“What a crazy old bag!” Jeb says.

           I watch her yank the door open using all of her weight. The bells that hang off the door clang together announcing her entrance. Once through the entryway, she hobbles to a table next to a copy machine and drops her things onto it.

           “Oh my, this morning!” She exclaims. “There’s so much I am need! This thing, that thing, and then, there’s this!” 

           She pulls out a small comb from her purse and holds it in the air like she’s holding a sword. “I tell you, I know it is, not enough time in our hours and not.”

             Even though Jeb is behind me, I swear I can see him grinning ear-to-ear as he watches Mrs. K.

           “Barbaro!” she exclaims.

           “More Barbaro?” I reply.

           She opens her large black portfolio and torn-out magazine pages and newspaper clippings with images of a horse ride currents of air to the floor.

           “It’s always more Barbaro,” I mumble to myself—feeling more annoyed than anything else. 

           I grab a copy key from off of the register and walk it over to activate Mrs. K’s copy machine. When I plug the key into the machine, the ticker on the front winds back to zero and the machine lights up with life.

           “Tax season!” Mrs. K shouts at me. “And ya’ know what that is and see?”

           “What is it?” I say.

           “Time to get all of your records in a duck, in a row, it is! And then the derby and Barbaro on the racing track and, and, oh I just am love Barbaro! I’ve seen all of him races!”

           She’s glowing with excitement. She dances, hums a frantic tune, and gathers up loose pages of horse pictures into various stacks. She hands me a stack and I automatically turn to prep the machine. Not surprised, I realize that they are the same pages that I copy every week.

           From across the store, Jeb mouths: “who’s Barbaro?” He’s really enjoying this whole thing. Annoyed, I don’t answer him.

           “How many of this one?” I say, holding up the first page of the stack. It’s a magazine page with a picture of dark brown horse mid-stride rounding the bend of a racetrack. Above the horse, a headline reads: “He did it!”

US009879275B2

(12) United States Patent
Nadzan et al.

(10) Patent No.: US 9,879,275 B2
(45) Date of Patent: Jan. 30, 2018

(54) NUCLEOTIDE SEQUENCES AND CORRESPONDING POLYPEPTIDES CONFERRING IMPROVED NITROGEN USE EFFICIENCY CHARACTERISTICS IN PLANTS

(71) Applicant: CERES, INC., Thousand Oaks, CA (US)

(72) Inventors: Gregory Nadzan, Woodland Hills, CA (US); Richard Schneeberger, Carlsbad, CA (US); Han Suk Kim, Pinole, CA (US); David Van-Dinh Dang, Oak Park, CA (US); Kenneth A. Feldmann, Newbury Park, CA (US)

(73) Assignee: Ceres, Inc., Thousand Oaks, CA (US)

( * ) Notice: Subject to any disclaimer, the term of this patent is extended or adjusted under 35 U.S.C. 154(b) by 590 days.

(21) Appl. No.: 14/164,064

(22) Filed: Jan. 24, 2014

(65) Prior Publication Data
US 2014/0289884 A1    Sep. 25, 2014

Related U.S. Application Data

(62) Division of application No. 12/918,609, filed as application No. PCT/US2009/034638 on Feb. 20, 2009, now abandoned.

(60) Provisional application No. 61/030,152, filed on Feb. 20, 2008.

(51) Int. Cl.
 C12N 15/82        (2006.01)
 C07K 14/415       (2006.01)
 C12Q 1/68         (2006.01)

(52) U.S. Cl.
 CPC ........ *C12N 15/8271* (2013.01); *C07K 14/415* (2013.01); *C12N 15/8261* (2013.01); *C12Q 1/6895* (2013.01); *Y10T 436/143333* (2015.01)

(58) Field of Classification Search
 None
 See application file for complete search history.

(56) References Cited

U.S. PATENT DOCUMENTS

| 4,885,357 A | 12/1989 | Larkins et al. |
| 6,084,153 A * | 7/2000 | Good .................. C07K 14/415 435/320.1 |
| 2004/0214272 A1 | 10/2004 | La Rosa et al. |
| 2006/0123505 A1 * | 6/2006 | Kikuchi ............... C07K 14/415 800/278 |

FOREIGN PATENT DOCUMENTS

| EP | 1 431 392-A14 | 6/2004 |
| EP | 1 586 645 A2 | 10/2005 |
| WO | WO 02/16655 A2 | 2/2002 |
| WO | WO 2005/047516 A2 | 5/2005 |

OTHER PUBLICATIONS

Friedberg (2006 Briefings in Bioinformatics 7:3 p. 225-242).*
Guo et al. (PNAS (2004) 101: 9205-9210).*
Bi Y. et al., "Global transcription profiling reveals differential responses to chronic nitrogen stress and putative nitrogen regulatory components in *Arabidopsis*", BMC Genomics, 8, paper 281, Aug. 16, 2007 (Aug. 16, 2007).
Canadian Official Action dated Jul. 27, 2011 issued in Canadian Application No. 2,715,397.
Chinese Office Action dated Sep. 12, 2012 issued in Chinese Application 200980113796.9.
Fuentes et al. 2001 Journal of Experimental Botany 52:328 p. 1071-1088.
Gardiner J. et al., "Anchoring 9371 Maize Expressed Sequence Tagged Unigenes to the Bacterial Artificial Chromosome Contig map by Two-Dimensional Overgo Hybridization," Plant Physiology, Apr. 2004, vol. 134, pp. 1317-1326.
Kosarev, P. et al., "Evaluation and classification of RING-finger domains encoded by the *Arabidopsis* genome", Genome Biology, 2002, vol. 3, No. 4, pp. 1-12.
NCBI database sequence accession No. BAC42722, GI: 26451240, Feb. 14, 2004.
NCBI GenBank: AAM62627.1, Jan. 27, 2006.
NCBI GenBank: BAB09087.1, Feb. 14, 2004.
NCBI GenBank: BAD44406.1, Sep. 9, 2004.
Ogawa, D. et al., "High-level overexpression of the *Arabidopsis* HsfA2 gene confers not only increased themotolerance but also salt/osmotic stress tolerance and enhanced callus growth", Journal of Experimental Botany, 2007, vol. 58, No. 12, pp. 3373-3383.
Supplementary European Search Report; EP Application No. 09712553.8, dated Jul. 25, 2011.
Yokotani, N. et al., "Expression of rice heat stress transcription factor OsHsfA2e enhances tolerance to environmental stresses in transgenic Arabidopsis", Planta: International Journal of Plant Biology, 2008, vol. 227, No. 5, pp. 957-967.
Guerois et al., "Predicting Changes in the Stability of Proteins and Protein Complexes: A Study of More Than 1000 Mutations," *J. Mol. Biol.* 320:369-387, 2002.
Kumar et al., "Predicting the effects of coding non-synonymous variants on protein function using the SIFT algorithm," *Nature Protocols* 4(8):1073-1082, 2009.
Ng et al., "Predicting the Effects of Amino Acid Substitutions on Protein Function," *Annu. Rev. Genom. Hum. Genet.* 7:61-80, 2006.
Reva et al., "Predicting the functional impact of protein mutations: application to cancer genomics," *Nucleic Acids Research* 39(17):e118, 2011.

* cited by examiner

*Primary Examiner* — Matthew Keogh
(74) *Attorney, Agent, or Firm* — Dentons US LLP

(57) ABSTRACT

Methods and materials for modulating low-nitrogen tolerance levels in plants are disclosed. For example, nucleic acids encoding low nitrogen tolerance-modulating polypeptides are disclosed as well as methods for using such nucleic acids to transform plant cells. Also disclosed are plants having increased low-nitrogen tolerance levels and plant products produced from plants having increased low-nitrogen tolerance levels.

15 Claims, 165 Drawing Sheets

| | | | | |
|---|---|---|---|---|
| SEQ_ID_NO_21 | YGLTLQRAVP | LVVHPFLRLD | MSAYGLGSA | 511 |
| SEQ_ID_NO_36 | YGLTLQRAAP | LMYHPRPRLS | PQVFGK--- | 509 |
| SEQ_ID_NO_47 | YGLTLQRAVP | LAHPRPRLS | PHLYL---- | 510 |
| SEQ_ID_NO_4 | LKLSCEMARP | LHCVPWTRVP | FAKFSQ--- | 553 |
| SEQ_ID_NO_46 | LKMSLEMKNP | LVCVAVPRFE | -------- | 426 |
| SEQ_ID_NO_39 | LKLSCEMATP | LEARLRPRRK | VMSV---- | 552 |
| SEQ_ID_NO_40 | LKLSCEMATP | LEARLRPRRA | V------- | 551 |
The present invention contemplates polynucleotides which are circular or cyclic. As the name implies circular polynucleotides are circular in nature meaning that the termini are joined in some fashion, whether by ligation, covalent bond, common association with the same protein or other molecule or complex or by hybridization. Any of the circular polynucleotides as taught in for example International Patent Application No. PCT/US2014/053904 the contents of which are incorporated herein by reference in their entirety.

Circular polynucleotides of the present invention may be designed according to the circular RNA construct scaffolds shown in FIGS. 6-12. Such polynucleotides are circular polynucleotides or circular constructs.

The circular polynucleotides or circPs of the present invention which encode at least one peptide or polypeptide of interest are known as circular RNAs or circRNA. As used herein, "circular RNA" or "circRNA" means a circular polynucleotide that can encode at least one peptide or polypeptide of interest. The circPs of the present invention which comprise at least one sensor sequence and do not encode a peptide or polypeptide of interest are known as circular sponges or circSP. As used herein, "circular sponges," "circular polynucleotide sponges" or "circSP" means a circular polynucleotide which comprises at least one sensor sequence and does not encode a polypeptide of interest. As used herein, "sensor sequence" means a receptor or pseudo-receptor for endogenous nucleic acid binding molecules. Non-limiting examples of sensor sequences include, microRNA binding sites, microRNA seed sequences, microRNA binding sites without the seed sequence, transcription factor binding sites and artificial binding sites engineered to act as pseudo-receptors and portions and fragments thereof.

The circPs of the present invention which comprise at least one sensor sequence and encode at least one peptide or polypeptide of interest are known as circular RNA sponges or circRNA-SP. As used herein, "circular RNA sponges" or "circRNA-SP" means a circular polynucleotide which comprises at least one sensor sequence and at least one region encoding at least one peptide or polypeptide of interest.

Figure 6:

“Six!” Mrs. K barks.

           “Six commin’ right up,” I say.

           With the magazine page face down on the glass of the copy machine, I hit the green start button. Gears spin, wheels turn, and the tube underneath the plate of glass fluoresces bright green and zips across the width of the magazine page six times. On the side of the machine, out pop six black-and-white copies of the horse and they all fall neatly into a stack.

           “And this?” I say, holding up the next one. It’s an obituary for Barbaro. Columns of text frame a speckled picture of the horse walking in an open field. 

           Mrs. K hardly even looks up before she says: “two!”

           I hit the green button. Two speckled Barbaros pop out the side.

           The next few clippings are small, so I position them in a way to copy them all together onto a single page.

           “How many of––”

           “What’s your name? I know I know your name before, hmmm?”  

           I’m surprised; Mrs. K stands so close to me that I am nervous. Her pupils are tiny black dots, her irises are speckled blue and gray and looked fogged over, and the whites of her bulging eyes are blotchy and yellow. The rims of her eyelids are violently red and deep fissures in her waxy skin swirl around her eye sockets. 

           I finally spit it out: “I’m Ronnie.”

           Mrs. K looks at me plainly, “Ah—Lonnie.”

           “What? No, Ronnie,” I tell her. “Ronnie.”

           She looks upset. “That’s what I said! Ronry.”

           I realize that I can’t be bothered and try to get back to the copies, but Mrs. K pulls a pencil from out of her purse and shoves it over to me.

           “Write it out, your name, write it out an I’ll get it time this right. I always get it right. I am, see?”

           “Write it out, Ronry!” Jeb says from the back of the store smiling.

           Annoyed, I take her pencil and write my name on a scrap of paper. “See? ‘Ronnie’,” I say. 

           Mrs. K looks intently my name spelled out on the paper. After a moment, her expression warms and she exclaims, “Ah! Rik Rock!”

           “Forget it,” I mumble.

           “Rik Nock, help me and the copies, all of them to be copied and then there’s this is that. All of them, copied.”

           With a perfunctory smack of the green button, I start some more copies and the ticker on the copy key keeps on winding up.

           This goes on for almost an hour and then the bell on the front door rings and two more customers enter the store. The first to enter is a young man in a black leather jacket. I greet him, he greets me. He walks over to a shelf and starts sifting through some pens and other office supplies. I’ve seen him before—and every time he’s always doing the same thing. He’ll spend forever looking at pens and writing letters over in corner of the store. Who knows what he’s writing on and on about.